Thursday, June 11, 2009
Melting Pot Moms will be hosting the Family Day portion on Saturday, June 13th from 10:30 - 12:45. Come join us for a fun craft, and then...drumroll...a book-reading/signing by Kim Wayans!! She will be reading from her Amy Hodgepodge series (which we LOVE!).
Wednesday, March 4, 2009
Here are the details:
MIXED KIDS BOOK - PHOTO SHOOT THIS SATURDAY 3/7 IN MANHATTAN BEACH
*** children 12 and under needed for new book ***
Internationally renown artist Kip Fulbeck (author of "Part Asian, 100% Hapa") will be photographing in Manhattan Beach for his new book on Mixed Kids this Saturday 3/7 from 11:00 - 2:30.
"Mixed Kids" will be published by Chronicle Books in 2010 and features an introduction by Dr. Maya Soetoro-Ng, a nationally recognized educator, mixed race identity specialist, and sister of Barack Obama.
Kip Fulbeck has been featured on CNN, MTV, and PBS and has exhibited his photography and films in over 20 countries. You may have seen the PBS Newshour feature on his Hapa Project which aired nationally last month.
The photo shoot will take place SATURDAY, MARCH 7th from 11:00 - 2:30 in Manhattan Beach. This will be the last L.A. area shoot so don't miss it!
We are seeking ANY multiracial kids 12 years old and under for this groundbreaking book. We particularly need kids who are:- Part Central/South American- Part Middle Eastern- Part Pakistani/South Asian- Part Hawaiian, Samoan, Tahitian, Tongan, Chamorro or other Islander- Part Laotian/Cambodian/Hmong/Vietnamese/Thai/Southeast Asian
If you are interested in giving your child the chance to be featured in a major book, please email Angela at meltingpotmoms[at]yahoo[dot]com for details and location.
FOR MORE DETAILS, INSTRUCTIONS AND FREQUENTLY ASKED QUESTIONS PLEASE VISIT:http://www.janm.org/events/2008/10/#12(click "Continue to janm.org" on the bottom right, then scroll down to October 12th if you don't get directed straight to the FAQs)
See you Saturday! :-)
Thursday, February 26, 2009
By John Cloud Saturday, Feb. 21, 2009
"Americans like answers in black and white, a cultural trait we confirmed last year when the biracial man running for President was routinely called "black".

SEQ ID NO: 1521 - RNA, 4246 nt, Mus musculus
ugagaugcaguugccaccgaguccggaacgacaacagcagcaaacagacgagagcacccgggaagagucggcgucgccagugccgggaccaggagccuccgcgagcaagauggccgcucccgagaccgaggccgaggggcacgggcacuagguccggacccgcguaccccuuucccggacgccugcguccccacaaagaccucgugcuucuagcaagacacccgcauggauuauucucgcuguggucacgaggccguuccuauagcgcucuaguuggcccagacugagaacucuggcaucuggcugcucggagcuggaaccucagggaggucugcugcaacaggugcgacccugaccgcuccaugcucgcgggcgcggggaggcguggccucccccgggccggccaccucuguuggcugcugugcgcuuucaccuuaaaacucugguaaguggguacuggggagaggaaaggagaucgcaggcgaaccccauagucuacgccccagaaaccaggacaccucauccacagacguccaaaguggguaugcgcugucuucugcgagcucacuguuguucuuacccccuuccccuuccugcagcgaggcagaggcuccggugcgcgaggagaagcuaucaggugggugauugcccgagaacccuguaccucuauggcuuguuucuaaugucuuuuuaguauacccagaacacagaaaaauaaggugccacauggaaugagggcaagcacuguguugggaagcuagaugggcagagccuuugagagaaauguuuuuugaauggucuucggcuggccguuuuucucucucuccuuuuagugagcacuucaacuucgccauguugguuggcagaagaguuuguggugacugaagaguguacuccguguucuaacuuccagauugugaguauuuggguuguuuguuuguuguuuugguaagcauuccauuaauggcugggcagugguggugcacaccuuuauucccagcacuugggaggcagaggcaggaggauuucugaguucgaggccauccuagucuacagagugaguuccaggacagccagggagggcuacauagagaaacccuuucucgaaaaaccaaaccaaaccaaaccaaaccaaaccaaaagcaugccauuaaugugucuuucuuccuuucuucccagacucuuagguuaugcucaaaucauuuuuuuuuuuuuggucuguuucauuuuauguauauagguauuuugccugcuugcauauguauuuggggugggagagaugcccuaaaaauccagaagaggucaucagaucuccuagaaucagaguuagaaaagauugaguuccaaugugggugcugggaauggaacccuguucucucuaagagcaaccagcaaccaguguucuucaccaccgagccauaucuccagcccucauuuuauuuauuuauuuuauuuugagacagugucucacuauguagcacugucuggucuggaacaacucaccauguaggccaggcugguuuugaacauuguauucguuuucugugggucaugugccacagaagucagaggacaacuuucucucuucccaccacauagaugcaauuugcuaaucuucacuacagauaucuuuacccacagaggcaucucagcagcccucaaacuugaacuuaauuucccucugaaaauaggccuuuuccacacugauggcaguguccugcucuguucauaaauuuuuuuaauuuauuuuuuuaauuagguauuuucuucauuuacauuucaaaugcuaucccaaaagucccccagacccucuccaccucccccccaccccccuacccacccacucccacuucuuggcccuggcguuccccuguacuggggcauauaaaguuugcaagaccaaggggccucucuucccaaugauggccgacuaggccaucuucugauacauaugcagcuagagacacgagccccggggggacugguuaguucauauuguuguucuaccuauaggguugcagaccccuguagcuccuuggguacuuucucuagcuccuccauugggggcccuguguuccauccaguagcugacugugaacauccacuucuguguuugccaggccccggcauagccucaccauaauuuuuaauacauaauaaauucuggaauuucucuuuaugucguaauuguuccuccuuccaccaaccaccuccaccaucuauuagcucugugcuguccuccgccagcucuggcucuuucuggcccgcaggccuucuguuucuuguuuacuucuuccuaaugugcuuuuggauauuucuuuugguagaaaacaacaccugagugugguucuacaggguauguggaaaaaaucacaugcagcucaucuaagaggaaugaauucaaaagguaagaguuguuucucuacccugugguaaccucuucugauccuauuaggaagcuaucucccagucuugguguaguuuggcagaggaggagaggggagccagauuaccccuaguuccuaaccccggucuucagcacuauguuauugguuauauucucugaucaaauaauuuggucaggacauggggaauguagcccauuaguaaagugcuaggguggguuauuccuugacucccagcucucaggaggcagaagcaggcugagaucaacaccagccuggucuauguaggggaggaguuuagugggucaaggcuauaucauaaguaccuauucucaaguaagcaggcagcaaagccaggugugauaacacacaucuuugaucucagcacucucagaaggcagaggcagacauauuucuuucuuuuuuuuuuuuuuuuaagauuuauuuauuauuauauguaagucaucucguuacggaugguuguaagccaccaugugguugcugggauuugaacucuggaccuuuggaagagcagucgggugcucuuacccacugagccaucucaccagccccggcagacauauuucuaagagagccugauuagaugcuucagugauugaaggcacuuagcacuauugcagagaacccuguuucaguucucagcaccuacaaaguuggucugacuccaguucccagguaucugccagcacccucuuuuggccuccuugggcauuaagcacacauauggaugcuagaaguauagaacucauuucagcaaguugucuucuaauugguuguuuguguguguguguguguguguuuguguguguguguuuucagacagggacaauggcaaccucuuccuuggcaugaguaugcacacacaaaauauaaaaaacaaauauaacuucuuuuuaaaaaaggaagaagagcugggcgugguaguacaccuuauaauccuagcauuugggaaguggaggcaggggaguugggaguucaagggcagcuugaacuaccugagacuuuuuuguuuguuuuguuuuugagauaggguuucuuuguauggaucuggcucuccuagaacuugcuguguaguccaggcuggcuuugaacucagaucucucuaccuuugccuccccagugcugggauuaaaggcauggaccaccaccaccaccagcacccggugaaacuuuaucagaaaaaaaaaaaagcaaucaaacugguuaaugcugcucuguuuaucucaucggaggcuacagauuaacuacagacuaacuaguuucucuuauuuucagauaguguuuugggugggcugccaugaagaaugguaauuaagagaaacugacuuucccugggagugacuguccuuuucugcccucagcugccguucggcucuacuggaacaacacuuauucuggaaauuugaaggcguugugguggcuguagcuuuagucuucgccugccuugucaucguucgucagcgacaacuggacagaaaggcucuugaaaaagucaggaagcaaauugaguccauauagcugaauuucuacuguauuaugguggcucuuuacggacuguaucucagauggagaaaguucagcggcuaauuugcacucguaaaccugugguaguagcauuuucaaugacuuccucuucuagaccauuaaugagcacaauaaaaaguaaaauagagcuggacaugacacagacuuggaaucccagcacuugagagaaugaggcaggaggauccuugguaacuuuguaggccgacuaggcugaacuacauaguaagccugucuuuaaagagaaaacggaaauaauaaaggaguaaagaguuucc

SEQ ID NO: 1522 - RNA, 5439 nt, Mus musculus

The flattening of Barack Obama's complex racial background shouldn't have been surprising. Many multiracial historical figures in the U.S. have been reduced (or have reduced themselves) to a single aspect of their racial identities: Booker T. Washington, Tina Turner, and Greg Louganis are three examples. This phenomenon isn't entirely pernicious; it is at least partly rooted in our concern that growing up with a fractured identity is hard on kids. The psychologist J.D. Teicher summarized this view in a 1968 paper: "Although the burden of the Negro child is recognized as a heavy one, that of the Negro-White child is seen to be even heavier."
But new research says this old, problematized view of multiracial identity is outdated. In fact, a new paper in the Journal of Social Issues shows that multiracial adolescents who identify proudly as multiracial fare as well as — and, in many cases, better than — kids who identify with a single group, even if that group is considered high-status (like, say, Asians or whites). This finding was surprising because psychologists have argued for years that mixed-race kids will be better adjusted if they pick a single race as their own."
To read the entire artcle, click here: http://www.time.com/time/health/article/0,8599,1880467,00.html
Thanks to Kristen (Organizer of Melting Pot Moms - Twin Cities) for sharing this article!
Tuesday, February 3, 2009
The book is already generating buzz: Kirkus Reviews called Faith “impeccably designed . . . a superb way to show children that there are many means of expressing religious faith.” "